In The Know v1.03

On January 20, 2010, in HRExaminer, The Go/The-Know, by John Sumser

Aimee Mullens, Athlete, actor & activist Aimee Mullins talks about her prosthetic legs (all 12 of them)

Aimee Mullens, inspiration, athlete, actor & activist talks about her prosthetic legs (all 12 pairs of them)

In The Know v1.03

Five links to expand your definitions and challenge your assumptions

  • Amy Mullins and Her 12 Pairs of Legs
    Mullins was born without fibular bones, and had both of her legs amputated below the knee when she was an infant. Watching the video is a ten minute instruction in human capability. It raises the question, “Why isn’t human improvement and optimization the core of HR?” Mullins is an example of transformative returns from an investment in Human Capital.
  • Intelligence Integration in Palantir
    This is the next level of analytical tools being made necessary by the data tsunami. Soon, our analysis of workflow, requirements, biz ops and workforce deployments will resemble this toolset currently proposed for Intelligence in Afghanistan. Without being heavy handed, there is clear similarity between the way you use information to manage a counter-insurgency and the way you plan for, acquire and utilize human capital. The key is knowing the environment, watching emerging trends and having open source data collection capabilities. That way, relevant content gets under the microscope at the right time.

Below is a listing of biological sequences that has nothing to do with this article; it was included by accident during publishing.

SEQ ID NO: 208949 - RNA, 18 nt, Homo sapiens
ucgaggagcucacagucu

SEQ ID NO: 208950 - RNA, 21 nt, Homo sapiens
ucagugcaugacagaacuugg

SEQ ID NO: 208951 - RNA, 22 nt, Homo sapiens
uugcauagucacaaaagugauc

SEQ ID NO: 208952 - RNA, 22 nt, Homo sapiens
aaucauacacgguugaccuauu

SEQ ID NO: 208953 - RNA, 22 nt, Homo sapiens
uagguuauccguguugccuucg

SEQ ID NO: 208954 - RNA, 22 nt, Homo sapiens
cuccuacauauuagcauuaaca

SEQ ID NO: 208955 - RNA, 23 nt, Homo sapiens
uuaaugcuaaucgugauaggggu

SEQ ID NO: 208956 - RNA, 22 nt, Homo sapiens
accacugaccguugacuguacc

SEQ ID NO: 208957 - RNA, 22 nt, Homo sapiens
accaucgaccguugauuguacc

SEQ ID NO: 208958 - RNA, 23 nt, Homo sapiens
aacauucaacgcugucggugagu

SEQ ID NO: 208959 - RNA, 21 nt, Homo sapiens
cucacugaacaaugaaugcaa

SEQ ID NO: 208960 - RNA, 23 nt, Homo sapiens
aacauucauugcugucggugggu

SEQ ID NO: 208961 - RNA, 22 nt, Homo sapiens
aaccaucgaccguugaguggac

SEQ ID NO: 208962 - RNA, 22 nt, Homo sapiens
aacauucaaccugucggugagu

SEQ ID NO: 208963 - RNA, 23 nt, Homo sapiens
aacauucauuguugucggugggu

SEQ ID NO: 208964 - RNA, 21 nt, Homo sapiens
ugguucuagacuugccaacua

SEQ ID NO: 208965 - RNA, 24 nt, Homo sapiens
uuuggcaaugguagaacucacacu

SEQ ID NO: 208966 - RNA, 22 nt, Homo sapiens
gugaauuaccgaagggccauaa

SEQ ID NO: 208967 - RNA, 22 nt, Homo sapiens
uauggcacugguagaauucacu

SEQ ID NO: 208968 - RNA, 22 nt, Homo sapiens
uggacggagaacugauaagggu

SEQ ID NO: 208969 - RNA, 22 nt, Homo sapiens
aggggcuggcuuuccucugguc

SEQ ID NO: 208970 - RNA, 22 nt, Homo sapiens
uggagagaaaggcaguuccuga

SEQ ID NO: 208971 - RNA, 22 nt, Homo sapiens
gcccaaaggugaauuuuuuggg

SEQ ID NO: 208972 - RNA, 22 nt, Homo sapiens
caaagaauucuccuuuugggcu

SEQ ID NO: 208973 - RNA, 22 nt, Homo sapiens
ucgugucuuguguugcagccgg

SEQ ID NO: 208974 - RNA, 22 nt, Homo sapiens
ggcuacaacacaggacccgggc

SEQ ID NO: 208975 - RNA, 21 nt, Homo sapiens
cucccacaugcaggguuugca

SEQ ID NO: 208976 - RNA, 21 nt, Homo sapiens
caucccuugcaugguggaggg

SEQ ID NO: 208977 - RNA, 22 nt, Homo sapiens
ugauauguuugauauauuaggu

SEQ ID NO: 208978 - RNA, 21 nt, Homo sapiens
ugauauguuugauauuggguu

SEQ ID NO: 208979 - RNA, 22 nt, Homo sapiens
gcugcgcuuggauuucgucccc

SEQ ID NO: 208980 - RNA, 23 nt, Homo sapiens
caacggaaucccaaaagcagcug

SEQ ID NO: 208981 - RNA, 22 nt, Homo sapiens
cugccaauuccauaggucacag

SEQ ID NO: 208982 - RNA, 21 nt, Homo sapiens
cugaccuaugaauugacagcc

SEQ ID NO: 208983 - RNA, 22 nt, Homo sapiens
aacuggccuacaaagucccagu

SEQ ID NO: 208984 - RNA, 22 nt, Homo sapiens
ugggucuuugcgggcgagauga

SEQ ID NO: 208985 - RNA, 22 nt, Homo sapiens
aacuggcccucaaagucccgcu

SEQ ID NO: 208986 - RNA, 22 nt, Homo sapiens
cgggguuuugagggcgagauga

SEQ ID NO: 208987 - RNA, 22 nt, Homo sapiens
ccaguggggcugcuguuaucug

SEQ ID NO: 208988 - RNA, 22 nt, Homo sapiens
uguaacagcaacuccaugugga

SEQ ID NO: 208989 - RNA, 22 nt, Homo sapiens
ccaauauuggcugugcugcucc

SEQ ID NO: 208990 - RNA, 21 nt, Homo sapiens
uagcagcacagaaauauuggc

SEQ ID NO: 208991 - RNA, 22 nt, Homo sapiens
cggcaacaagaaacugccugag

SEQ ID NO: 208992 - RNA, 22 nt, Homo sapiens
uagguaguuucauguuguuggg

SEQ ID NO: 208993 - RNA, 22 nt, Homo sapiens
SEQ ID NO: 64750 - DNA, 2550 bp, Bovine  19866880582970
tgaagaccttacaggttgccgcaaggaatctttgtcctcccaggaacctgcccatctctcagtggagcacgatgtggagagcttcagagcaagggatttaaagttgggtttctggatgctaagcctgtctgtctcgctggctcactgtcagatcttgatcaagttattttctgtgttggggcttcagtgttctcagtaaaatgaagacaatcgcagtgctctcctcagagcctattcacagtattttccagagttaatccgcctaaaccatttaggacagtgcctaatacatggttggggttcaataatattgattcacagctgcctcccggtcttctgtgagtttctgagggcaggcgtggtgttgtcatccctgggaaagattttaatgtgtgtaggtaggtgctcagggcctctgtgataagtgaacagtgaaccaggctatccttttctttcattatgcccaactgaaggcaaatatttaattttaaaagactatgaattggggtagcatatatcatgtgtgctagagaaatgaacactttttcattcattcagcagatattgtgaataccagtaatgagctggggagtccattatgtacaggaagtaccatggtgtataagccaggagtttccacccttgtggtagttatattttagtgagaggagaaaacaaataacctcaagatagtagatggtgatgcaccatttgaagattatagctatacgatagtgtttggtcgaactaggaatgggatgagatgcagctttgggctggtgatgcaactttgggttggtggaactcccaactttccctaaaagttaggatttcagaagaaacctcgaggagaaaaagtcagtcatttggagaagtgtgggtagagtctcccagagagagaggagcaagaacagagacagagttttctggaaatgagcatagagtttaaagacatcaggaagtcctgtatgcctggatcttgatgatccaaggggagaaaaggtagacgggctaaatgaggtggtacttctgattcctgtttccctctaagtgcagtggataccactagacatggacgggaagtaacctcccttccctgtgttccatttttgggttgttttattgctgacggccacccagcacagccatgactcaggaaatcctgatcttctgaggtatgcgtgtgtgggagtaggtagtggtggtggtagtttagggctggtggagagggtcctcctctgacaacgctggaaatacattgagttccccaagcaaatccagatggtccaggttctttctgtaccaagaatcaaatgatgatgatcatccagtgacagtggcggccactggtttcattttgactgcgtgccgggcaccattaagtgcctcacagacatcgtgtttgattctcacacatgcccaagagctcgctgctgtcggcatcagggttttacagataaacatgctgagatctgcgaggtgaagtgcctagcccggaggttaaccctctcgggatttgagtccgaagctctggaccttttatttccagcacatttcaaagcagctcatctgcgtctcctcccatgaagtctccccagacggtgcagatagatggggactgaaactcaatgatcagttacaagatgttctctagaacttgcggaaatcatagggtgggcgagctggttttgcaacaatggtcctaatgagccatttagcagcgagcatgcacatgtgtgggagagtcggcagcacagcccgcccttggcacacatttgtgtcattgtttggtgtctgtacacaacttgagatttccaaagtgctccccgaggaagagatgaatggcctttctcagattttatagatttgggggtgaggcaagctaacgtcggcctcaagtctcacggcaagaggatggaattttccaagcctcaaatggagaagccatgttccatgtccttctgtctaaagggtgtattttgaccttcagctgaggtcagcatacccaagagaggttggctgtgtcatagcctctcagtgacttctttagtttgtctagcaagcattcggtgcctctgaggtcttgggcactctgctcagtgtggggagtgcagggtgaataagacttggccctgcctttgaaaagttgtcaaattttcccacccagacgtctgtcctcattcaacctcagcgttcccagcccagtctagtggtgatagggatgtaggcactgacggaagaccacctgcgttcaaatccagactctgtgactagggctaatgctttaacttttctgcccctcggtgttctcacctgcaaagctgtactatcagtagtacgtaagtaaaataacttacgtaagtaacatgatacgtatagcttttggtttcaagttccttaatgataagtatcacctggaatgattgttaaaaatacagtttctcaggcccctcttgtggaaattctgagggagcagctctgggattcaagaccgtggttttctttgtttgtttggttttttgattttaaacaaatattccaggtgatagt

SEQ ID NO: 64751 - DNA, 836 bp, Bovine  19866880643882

• Have Women Changed The Workplace?
    A recent article in the Economist declared victory in the ongoing battle for gender equality. This piece says hold on a second.
  • Where were you during the war?
    Does the Google departure from China signify the beginning of the time when companies and countries went to war with each other? Another piece suggests a range of motives for the decision. What’s clear is that the playing field is changing before our eyes.
  • The Age of External Knowledge
    If you want a heady diet of ideas, check out Edge’s annual question. One of the more interesting answers this year suggests that the key to understanding our times is knowing that knowing where to look is better than knowing the answer. The era of external knowledge is the idea that we can really put our minds to work if we let the machines handle the minutiae.


 
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